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Let 'L' and 'M' denote the necessity and possibility operators. In Modal Logic, the following theorems hold:

  1. L(p and q) <--> (Lp and Lq)
  2. (Lp or Lq) --> L(p or q)
  3. M(p or q) <--> (Mp or Mq)
  4. M(p and q) --> (Mp and Mq)

Do these theorems hold in infinitary modal logic, i.e.

  1. L(p1 and p2 and ...) <--> (Lp1 and Lp2 and ...)
  2. (Lp1 or Lp2 or ...) --> L(p1 or p2 or ...)
  3. M(p1 or p2 or ...) <--> (Mp1 or Mp2 or ...)
  4. M(p1 and p2 and ...) --> (Mp1 and Mp2 and ...)?
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  • researchgate.net/publication/… isn't behind a paywall(?) so it would be worth checking out. I'll skim it to see if they have anything, although it'll be a while before I have anything to post accordingly. Commented Jun 20, 2023 at 20:34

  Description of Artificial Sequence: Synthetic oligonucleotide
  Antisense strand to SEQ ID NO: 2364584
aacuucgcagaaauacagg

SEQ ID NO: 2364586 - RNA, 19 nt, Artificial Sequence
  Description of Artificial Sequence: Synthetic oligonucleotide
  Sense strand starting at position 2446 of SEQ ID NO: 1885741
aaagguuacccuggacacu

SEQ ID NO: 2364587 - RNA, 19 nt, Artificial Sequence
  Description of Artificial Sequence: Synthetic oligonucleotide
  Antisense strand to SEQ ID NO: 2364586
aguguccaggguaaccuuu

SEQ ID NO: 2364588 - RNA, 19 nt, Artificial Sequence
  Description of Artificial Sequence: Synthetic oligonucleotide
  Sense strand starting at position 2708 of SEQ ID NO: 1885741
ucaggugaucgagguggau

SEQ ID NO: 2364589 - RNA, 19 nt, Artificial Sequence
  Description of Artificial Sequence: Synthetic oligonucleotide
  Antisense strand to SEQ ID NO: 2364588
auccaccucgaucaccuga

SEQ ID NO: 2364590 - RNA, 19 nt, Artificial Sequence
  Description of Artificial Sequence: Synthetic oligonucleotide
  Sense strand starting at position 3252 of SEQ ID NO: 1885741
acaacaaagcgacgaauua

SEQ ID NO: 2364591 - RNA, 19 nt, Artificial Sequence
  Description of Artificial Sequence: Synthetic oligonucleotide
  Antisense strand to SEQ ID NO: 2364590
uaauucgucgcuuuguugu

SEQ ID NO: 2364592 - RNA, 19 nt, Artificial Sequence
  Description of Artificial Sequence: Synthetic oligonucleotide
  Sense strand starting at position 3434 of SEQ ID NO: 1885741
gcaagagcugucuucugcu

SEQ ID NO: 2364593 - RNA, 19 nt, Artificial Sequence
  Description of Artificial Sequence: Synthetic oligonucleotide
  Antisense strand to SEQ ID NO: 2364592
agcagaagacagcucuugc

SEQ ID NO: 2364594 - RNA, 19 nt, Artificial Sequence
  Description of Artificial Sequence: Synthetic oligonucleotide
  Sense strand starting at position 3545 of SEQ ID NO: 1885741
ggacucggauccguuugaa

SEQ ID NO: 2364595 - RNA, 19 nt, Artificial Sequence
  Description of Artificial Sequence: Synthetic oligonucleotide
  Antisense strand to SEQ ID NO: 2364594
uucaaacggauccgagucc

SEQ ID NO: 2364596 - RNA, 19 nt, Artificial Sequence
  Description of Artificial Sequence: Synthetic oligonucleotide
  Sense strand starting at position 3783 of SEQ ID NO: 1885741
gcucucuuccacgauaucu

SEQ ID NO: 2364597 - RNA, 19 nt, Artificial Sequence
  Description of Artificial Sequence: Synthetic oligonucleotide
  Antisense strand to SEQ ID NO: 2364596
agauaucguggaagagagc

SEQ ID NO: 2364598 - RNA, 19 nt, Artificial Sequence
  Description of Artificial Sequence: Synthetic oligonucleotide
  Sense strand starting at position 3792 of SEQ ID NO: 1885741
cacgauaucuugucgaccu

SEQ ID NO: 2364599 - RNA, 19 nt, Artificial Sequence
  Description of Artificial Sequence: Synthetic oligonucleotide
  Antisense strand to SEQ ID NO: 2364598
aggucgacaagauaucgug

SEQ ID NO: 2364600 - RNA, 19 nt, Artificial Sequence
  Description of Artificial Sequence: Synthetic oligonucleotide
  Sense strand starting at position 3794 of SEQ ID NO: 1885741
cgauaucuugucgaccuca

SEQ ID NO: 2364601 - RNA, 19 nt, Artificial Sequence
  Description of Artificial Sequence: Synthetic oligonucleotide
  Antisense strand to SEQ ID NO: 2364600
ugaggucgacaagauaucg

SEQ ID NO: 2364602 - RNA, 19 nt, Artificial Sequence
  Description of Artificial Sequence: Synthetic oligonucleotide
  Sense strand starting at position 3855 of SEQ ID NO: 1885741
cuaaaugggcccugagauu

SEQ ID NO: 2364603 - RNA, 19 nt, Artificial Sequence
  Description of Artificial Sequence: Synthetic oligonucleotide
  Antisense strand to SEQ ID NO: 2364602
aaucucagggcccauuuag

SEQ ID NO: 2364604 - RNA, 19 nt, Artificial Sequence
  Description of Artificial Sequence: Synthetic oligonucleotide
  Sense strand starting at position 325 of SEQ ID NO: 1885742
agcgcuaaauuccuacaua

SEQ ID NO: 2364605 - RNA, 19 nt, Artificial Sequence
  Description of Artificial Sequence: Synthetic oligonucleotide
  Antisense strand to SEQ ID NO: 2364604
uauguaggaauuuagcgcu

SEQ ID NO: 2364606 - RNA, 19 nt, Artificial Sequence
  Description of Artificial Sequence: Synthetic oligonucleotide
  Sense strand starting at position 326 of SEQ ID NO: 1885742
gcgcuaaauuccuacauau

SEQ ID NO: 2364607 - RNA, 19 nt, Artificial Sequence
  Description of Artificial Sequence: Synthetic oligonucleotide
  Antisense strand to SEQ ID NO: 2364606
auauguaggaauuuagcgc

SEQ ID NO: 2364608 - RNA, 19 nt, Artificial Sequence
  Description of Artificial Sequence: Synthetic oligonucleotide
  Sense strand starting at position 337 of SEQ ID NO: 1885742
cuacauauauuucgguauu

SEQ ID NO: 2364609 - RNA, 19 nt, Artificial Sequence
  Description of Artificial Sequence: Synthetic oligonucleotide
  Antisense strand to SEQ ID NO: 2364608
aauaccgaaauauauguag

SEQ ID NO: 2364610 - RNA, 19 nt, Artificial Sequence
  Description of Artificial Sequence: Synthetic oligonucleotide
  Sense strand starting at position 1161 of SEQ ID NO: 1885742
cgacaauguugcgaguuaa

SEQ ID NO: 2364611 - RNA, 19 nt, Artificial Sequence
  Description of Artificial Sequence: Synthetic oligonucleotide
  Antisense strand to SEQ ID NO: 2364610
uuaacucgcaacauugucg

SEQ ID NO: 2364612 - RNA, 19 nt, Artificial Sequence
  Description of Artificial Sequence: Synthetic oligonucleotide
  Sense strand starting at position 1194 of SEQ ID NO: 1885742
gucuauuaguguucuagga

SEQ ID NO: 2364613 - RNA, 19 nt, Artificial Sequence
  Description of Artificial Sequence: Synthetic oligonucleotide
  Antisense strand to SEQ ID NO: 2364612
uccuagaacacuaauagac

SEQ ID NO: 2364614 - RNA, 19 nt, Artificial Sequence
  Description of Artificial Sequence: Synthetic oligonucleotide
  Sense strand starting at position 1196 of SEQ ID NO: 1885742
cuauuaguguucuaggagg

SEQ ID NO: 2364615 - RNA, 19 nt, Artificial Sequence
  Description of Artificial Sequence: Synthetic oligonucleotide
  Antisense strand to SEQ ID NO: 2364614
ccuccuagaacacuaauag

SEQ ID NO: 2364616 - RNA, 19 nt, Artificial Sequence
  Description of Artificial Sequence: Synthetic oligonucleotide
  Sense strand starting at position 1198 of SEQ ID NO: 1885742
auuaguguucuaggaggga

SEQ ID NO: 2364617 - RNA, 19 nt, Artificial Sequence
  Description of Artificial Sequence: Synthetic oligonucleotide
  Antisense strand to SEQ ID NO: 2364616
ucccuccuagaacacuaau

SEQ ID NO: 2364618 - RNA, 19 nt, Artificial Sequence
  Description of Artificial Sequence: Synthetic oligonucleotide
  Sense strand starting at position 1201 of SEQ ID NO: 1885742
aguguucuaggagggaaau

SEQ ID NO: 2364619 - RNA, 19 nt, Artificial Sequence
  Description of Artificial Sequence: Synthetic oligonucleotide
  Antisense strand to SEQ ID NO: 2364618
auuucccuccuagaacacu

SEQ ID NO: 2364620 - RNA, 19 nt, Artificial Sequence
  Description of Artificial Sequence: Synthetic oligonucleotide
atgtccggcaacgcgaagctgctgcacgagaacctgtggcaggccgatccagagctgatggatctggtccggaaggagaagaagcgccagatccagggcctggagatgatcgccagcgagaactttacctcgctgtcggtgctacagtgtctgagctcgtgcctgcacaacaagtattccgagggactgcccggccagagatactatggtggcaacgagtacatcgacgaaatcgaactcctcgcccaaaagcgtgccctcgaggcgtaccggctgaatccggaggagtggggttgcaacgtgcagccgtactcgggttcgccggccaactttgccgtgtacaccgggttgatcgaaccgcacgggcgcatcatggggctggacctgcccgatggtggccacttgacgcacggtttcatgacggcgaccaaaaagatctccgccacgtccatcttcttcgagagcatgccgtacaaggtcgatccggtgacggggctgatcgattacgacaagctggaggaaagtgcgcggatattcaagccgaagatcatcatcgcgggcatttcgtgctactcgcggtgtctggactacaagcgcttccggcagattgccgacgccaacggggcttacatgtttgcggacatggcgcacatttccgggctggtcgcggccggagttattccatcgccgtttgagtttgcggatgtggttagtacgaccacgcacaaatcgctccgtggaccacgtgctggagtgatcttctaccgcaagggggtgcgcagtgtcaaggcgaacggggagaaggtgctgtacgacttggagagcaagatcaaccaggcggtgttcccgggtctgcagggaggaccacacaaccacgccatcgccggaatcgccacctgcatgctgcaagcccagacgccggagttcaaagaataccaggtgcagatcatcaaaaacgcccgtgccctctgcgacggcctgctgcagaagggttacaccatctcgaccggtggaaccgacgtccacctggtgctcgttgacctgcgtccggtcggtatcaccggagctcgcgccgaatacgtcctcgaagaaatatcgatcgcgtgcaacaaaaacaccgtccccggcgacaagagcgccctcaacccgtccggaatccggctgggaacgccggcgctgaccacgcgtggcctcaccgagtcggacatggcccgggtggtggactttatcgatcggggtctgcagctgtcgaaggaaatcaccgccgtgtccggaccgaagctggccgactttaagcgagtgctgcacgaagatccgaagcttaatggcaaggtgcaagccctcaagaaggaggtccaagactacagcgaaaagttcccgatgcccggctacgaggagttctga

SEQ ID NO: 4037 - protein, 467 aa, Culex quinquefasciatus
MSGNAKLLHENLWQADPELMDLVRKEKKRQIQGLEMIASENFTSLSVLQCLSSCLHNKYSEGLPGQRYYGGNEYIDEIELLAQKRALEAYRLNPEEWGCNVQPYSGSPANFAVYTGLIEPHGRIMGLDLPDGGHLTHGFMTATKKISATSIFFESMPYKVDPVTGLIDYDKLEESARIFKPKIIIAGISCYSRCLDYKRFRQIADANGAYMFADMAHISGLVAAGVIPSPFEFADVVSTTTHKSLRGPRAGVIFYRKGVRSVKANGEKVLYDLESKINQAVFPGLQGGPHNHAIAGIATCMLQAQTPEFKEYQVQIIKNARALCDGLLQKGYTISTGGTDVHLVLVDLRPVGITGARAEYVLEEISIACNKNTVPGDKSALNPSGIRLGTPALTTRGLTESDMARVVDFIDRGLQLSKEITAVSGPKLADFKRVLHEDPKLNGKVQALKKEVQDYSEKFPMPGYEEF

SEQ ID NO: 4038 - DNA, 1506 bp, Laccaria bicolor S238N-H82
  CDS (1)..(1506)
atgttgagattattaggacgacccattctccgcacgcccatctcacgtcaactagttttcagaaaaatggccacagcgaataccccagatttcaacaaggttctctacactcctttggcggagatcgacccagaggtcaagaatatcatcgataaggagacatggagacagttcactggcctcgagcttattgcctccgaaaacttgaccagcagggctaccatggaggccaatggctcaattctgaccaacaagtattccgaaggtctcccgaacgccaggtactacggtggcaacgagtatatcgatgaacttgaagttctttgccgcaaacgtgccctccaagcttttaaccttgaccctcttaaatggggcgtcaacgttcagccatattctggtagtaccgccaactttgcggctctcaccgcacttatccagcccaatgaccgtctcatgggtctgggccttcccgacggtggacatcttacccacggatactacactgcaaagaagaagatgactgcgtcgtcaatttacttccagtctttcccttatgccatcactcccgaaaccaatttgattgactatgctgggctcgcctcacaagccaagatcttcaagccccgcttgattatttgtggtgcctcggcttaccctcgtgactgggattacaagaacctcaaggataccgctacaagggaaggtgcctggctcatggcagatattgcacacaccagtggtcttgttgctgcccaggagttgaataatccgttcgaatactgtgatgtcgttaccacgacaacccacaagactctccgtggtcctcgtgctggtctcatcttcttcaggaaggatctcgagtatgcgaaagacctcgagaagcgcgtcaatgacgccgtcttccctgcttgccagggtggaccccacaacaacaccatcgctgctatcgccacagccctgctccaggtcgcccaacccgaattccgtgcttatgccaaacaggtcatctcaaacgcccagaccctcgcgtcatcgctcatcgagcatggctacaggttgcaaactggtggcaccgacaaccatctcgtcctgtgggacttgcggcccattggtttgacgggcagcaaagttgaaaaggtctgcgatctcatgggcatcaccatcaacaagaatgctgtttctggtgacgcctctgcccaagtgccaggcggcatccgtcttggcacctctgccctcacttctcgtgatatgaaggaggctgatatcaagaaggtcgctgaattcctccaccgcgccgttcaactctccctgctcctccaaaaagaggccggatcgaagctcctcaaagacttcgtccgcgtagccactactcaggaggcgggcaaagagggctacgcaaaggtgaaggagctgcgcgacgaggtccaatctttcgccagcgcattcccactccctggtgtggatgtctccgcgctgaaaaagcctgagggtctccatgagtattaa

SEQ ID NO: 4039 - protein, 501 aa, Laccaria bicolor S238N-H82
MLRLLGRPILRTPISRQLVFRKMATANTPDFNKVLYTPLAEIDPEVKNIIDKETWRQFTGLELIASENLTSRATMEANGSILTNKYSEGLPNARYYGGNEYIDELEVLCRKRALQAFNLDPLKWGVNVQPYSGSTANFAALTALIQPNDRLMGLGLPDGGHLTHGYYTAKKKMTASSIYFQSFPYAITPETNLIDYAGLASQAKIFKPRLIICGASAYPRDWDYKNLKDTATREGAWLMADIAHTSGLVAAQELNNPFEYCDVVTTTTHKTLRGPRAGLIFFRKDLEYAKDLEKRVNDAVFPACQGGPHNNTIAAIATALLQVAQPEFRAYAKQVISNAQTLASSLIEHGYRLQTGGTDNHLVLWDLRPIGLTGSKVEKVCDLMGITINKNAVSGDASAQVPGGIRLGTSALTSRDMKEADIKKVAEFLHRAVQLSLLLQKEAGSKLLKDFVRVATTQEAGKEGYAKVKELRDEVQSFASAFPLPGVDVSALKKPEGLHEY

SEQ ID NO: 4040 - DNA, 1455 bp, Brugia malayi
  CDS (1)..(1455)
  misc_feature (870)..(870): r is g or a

• Bard says: "The distribution property of modal operators is not always valid in finite modal logic, but it is always valid in infinitary modal logic. This is because in infinitary modal logic, we can always find a bisimulation between two models that satisfy the same infinitary modal formulas." IDK if that's true, though, Bard might be hallucinating again. Commented Jun 20, 2023 at 21:26
  • @KristianBerry. Thank you for your comments. Sorry, who is Bard? Also, does Bard's quote imply that the conditional sign in (6) and (8) in my post can be replaced by a biconditional?
    – Beginner
    Commented Jun 21, 2023 at 16:12
  • Bard is Google's chatbot. I've had the word "bisimulation" in my head for some years now re: a Hamkins response to a post of mine over on MathOF, but I am not entirely sure what it is even now. It seems like it is the kind of thing that would allow you to use a biconditional as such, though. Commented Jun 21, 2023 at 16:28
  • 1
    @KristianBerry Just to let you know, I posted on MO mathoverflow.net/questions/449334/…
    – Beginner
    Commented Jun 21, 2023 at 17:19

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